Hebrews 6:4 For it is impossible for those who were once enlightened, and have tasted of the heavenly gift, and were made partakers of the Holy Ghost, 5 And have tasted the good word of God, and the powers of the world to come, 6 If they shall fall away, to renew them again unto repentance; seeing they crucify to themselves the Son of God afresh, and put him to an open shame.
Matthew 18:23 Therefore is the kingdom of heaven likened unto a certain king, which would take account of his servants. 24 And when he had begun to reckon, one was brought unto him, which owed him ten thousand talents. 25 But forasmuch as he had not to pay, his lord commanded him to be sold, and his wife, and children, and all that he had, and payment to be made. 26 The servant therefore fell down, and worshipped him, saying, Lord, have patience with me, and I will pay thee all. 27 Then the lord of that servant was moved with compassion, and loosed him, and forgave him the debt. 28 But the same servant went out, and found one of his fellowservants, which owed him an hundred pence: and he laid hands on him, and took him by the throat, saying, Pay me that thou owest. 29 And his fellowservant fell down at his feet, and besought him, saying, Have patience with me, and I will pay thee all. 30 And he would not: but went and cast him into prison, till he should pay the debt. 31 So when his fellowservants saw what was done, they were very sorry, and came and told unto their lord all that was done. 32 Then his lord, after that he had called him, said unto him, O thou wicked servant, I forgave thee all that debt, because thou desiredst me: 33 Shouldest not thou also have had compassion on thy fellowservant, even as I had pity on thee? 34 And his lord was wroth, and delivered him to the tormentors, till he should pay all that was due unto him. 35 So likewise shall my heavenly Father do also unto you, if ye from your hearts forgive not every one his brother their trespasses.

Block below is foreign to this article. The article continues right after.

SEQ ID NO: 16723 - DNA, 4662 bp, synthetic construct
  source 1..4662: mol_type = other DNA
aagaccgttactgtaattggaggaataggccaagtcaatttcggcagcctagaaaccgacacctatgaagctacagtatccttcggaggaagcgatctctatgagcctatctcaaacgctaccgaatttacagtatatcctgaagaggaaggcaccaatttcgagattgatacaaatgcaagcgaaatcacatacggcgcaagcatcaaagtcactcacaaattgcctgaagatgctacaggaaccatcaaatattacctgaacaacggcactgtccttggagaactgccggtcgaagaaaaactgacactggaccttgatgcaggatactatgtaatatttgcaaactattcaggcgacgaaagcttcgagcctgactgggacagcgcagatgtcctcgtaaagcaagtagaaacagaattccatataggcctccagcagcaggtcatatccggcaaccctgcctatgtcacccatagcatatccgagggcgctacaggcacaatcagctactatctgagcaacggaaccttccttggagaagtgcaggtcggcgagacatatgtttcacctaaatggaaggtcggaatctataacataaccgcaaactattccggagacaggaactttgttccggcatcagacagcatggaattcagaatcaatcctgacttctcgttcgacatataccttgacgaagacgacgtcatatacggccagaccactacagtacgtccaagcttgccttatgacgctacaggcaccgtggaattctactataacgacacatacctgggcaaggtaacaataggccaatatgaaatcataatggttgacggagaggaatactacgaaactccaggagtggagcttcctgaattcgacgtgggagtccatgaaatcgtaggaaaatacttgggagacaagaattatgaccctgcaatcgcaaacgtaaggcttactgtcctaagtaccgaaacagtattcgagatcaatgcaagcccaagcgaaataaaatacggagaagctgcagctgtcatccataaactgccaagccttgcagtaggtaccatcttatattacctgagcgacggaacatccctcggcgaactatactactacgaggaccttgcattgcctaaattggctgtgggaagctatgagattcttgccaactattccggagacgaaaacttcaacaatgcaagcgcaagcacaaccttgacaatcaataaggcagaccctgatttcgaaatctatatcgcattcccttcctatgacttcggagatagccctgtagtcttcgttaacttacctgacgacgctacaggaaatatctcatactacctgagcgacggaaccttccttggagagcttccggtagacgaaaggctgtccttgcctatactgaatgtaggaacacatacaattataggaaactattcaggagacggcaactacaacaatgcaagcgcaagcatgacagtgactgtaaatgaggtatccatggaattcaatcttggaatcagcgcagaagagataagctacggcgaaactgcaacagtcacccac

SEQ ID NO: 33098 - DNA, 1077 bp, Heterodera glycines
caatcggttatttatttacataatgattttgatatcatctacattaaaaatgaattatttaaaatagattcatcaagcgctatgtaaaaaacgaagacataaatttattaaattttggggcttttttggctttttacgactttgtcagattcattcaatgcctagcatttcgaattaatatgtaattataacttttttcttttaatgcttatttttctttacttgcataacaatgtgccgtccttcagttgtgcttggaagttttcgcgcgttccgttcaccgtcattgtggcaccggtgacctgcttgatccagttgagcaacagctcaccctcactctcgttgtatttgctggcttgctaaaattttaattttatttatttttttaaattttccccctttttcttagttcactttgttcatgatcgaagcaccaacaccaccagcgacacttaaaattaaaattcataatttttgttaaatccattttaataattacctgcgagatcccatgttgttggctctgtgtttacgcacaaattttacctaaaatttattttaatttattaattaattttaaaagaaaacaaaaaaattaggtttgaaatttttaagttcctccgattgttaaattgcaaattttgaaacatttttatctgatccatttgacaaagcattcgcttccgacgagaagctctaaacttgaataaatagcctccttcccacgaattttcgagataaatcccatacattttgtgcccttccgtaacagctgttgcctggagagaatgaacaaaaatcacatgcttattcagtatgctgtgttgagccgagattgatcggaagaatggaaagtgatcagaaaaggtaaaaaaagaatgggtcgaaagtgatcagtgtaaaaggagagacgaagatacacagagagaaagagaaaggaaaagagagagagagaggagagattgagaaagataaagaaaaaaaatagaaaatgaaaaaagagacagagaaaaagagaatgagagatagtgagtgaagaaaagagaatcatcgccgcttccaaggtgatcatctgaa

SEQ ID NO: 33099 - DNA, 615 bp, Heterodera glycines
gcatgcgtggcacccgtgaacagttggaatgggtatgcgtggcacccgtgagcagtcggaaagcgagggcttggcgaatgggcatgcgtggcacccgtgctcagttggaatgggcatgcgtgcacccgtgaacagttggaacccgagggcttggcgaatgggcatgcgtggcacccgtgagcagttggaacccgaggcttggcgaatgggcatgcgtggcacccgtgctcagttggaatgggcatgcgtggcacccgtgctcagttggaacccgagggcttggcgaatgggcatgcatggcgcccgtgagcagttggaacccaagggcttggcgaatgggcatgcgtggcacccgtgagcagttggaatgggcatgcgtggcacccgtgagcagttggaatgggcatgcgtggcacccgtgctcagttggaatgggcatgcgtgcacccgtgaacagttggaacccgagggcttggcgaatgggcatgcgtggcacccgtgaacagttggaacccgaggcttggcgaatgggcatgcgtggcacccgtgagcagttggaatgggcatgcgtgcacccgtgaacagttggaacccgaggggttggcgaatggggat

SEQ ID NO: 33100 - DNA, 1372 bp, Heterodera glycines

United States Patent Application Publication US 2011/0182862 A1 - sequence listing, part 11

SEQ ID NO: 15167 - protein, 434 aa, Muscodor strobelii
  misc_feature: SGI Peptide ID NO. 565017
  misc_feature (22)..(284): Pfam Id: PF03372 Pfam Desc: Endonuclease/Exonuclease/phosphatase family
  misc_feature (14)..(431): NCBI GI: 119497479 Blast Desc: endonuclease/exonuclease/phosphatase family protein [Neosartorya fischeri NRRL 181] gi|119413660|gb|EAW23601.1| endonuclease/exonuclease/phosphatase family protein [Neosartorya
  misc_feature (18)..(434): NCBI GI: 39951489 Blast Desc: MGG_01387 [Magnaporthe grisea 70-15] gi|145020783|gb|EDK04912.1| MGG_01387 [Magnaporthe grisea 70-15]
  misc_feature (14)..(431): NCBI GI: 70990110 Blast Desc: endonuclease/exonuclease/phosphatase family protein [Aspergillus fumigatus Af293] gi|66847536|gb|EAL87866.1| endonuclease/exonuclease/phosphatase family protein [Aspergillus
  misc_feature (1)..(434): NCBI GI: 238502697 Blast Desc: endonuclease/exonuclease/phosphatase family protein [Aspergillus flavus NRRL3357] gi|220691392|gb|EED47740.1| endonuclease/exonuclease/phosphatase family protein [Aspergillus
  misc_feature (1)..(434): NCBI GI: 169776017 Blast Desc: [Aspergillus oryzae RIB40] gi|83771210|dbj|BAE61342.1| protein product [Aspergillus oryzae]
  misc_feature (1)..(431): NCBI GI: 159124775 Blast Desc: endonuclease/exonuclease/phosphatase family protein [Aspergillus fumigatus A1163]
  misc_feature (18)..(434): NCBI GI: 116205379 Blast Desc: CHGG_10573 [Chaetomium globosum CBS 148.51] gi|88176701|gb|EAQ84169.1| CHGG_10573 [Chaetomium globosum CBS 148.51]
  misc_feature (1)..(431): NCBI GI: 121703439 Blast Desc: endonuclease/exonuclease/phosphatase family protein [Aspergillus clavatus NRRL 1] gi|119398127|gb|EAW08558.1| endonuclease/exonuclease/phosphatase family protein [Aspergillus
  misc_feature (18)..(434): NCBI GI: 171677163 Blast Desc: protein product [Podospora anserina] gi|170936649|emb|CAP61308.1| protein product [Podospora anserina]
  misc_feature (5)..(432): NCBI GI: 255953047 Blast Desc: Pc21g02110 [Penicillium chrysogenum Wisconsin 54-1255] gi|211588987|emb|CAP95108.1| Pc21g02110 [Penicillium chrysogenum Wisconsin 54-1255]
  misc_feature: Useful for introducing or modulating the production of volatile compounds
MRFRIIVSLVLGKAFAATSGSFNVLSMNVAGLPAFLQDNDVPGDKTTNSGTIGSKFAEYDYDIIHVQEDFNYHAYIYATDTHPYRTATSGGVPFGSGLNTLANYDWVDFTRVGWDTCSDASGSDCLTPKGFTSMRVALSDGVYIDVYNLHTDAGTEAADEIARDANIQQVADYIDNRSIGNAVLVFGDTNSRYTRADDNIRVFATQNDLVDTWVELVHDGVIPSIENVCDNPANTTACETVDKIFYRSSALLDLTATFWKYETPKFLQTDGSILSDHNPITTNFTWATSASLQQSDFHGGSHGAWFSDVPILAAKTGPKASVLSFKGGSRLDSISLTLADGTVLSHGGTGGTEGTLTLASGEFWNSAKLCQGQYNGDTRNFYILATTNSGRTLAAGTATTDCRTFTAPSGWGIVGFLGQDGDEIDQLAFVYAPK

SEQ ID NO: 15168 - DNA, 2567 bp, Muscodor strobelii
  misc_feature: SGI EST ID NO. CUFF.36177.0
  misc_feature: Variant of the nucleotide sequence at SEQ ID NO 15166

How can anyone’s sin shut forever the door to Grace which is greater than all our sins – Grace which actually grows exponentially in proportion to any increase of sin, Romans 5:20?
Romans 5:20 Moreover the law entered, that the offence might abound. But where sin abounded, grace did much more abound:
Here are the remaining groups of verses.
(4) When God’s purpose for punishment is specified, it is always rehabilitation and restoration. This is inconsistent with the assumption that no one in Hell has any hope of ever being restored to fellowship with God.
Proverbs 23:13 Withhold not correction from the child: for if thou beatest him with the rod, he shall not die. 14 Thou shalt beat him with the rod, and shalt deliver his soul from hell. (See also Deuteronomy 28, Proverbs 19:18, 13:24, 22:15, 29:15, 17, Hebrews 12.)
(5) God used a Greek word for “torment” which literally means “touchstone”: a piece of slate upon which Gold was rubbed to test its purity. The color of the resulting streak was compared with the color left by pure gold. All men are “rubbed” on the same kinds of trials, 1 Corinthians 10:13, and the color we leave on them is compared with the color left by Jesus. See Luke 16:23, 28, Matthew 18:34, Revelation 14:10-11, and 20:10. This is inconsistent with the assumption that Hell is an experience completely unlike what any believer will ever have to endure. To the contrary, it is another way of describing the judgment of the following paragraph that people experience, in Hell, what they have done to others.